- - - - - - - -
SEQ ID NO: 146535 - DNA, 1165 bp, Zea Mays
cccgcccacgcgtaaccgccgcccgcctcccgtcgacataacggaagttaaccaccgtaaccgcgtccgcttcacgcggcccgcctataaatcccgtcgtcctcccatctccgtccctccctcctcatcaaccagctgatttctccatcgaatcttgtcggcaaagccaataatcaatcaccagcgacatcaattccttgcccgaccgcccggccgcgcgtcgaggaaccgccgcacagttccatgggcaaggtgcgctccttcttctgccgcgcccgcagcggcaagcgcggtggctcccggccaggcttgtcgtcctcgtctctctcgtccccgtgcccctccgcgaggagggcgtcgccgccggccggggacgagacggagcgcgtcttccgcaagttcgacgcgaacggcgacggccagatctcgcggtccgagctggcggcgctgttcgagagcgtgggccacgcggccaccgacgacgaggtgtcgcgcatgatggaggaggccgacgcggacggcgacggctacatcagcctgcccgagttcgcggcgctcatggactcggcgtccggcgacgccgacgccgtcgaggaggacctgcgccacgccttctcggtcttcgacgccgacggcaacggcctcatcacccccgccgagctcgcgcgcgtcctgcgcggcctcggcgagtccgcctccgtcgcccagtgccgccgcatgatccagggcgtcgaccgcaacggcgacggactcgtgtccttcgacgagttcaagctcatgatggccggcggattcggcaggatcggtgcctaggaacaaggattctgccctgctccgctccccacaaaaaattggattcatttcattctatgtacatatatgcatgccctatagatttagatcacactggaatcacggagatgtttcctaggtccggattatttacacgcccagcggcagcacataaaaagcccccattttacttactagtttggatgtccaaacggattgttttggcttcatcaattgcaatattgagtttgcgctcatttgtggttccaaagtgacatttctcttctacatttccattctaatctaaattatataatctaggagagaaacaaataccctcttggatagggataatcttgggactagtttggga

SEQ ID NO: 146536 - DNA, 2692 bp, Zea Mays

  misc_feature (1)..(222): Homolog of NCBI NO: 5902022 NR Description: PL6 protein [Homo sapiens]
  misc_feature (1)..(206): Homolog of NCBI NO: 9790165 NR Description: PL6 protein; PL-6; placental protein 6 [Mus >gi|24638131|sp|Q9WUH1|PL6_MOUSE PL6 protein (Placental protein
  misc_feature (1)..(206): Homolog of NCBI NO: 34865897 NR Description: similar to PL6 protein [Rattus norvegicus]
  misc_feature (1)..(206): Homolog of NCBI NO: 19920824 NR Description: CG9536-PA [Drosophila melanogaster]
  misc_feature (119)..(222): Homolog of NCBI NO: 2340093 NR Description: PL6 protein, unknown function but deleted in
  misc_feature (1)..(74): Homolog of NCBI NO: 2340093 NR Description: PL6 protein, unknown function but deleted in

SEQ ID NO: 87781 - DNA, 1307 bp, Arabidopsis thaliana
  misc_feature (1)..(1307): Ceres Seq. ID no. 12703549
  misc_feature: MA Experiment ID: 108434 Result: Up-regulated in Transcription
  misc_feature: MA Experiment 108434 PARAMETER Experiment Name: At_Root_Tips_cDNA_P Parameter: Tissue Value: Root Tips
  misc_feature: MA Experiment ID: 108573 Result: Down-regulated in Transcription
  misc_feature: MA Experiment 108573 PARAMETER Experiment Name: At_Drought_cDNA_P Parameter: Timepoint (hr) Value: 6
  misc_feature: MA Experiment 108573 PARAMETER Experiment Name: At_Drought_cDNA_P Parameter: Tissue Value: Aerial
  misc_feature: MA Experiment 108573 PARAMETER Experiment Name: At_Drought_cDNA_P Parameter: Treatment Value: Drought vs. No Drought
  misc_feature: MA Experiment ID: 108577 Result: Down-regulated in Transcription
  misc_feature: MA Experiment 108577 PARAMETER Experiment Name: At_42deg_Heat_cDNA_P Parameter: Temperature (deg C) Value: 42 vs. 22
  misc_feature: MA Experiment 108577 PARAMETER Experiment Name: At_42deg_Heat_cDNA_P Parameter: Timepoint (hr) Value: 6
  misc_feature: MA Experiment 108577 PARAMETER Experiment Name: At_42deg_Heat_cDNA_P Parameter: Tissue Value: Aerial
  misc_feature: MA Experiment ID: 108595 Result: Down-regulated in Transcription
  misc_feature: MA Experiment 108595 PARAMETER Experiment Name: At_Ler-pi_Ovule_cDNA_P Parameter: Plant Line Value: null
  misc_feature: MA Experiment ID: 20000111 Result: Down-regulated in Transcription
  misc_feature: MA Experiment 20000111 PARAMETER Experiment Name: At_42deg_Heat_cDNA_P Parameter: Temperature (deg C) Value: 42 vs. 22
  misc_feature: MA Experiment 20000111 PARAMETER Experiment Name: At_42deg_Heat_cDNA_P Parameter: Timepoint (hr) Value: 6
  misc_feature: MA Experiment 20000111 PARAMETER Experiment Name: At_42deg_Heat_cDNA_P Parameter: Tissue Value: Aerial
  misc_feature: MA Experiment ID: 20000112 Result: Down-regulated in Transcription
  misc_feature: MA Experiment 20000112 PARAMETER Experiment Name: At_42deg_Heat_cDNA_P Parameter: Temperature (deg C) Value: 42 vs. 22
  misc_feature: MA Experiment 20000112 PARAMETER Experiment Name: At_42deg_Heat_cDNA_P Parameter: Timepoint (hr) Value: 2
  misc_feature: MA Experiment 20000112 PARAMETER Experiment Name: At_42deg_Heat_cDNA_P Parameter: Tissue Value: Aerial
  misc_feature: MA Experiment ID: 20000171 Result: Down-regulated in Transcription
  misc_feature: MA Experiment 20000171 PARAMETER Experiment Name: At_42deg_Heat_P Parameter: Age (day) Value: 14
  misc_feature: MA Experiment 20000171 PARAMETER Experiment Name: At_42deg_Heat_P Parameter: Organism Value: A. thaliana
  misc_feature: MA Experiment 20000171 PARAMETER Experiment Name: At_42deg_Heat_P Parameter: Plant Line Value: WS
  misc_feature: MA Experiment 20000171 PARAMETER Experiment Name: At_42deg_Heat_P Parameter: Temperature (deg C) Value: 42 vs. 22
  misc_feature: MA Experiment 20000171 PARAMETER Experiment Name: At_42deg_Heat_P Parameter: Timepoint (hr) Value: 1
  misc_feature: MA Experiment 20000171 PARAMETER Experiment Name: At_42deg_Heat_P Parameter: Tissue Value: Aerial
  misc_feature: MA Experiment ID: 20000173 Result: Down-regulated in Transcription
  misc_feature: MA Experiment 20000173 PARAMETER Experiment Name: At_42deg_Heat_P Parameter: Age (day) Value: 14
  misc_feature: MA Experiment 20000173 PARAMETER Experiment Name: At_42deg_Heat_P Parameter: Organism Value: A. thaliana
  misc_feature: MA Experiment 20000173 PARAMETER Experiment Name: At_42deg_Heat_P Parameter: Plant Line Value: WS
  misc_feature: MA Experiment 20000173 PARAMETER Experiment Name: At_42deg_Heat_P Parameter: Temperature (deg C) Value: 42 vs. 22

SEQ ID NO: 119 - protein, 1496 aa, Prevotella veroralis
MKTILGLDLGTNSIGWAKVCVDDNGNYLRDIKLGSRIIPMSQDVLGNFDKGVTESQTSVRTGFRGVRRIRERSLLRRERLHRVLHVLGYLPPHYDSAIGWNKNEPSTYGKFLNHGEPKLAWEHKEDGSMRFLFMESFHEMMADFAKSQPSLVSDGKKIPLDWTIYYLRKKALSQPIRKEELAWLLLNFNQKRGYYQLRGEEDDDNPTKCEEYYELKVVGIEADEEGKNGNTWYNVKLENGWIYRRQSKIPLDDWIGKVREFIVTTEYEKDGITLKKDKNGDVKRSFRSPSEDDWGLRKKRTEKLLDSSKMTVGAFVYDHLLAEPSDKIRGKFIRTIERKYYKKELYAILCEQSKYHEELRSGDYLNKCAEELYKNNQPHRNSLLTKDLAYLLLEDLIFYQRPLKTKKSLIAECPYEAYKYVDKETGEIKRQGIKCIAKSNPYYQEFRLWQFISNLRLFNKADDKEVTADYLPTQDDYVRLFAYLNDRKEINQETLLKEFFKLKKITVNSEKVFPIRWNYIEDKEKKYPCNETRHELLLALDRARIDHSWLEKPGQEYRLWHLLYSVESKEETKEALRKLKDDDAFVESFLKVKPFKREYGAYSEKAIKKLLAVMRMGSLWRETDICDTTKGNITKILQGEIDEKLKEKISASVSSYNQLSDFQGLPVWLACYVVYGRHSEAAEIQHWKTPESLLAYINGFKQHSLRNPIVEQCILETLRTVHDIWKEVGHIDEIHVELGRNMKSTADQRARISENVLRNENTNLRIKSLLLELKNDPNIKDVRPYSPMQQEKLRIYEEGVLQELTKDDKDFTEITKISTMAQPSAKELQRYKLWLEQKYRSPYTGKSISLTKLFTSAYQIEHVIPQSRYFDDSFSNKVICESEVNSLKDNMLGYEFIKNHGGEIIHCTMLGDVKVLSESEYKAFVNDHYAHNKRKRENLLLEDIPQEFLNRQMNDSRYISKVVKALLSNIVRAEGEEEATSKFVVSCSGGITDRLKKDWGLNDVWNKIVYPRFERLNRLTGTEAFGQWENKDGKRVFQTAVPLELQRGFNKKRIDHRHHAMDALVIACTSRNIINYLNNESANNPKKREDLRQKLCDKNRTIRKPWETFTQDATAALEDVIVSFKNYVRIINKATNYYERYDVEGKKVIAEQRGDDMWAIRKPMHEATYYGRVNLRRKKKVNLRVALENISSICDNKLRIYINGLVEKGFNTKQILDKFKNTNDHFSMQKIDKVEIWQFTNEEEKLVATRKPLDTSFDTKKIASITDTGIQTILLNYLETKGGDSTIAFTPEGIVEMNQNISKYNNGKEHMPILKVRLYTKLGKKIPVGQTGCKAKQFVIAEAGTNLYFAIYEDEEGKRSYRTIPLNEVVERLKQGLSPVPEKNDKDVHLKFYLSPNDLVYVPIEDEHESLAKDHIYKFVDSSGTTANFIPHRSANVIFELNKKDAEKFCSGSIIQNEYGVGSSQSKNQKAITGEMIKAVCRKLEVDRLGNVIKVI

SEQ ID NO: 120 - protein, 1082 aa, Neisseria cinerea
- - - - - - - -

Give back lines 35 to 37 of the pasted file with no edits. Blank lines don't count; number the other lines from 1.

  misc_feature: MA Experiment 20000171 PARAMETER Experiment Name: At_42deg_Heat_P Parameter: Plant Line Value: WS
  misc_feature: MA Experiment 20000171 PARAMETER Experiment Name: At_42deg_Heat_P Parameter: Temperature (deg C) Value: 42 vs. 22
  misc_feature: MA Experiment 20000171 PARAMETER Experiment Name: At_42deg_Heat_P Parameter: Timepoint (hr) Value: 1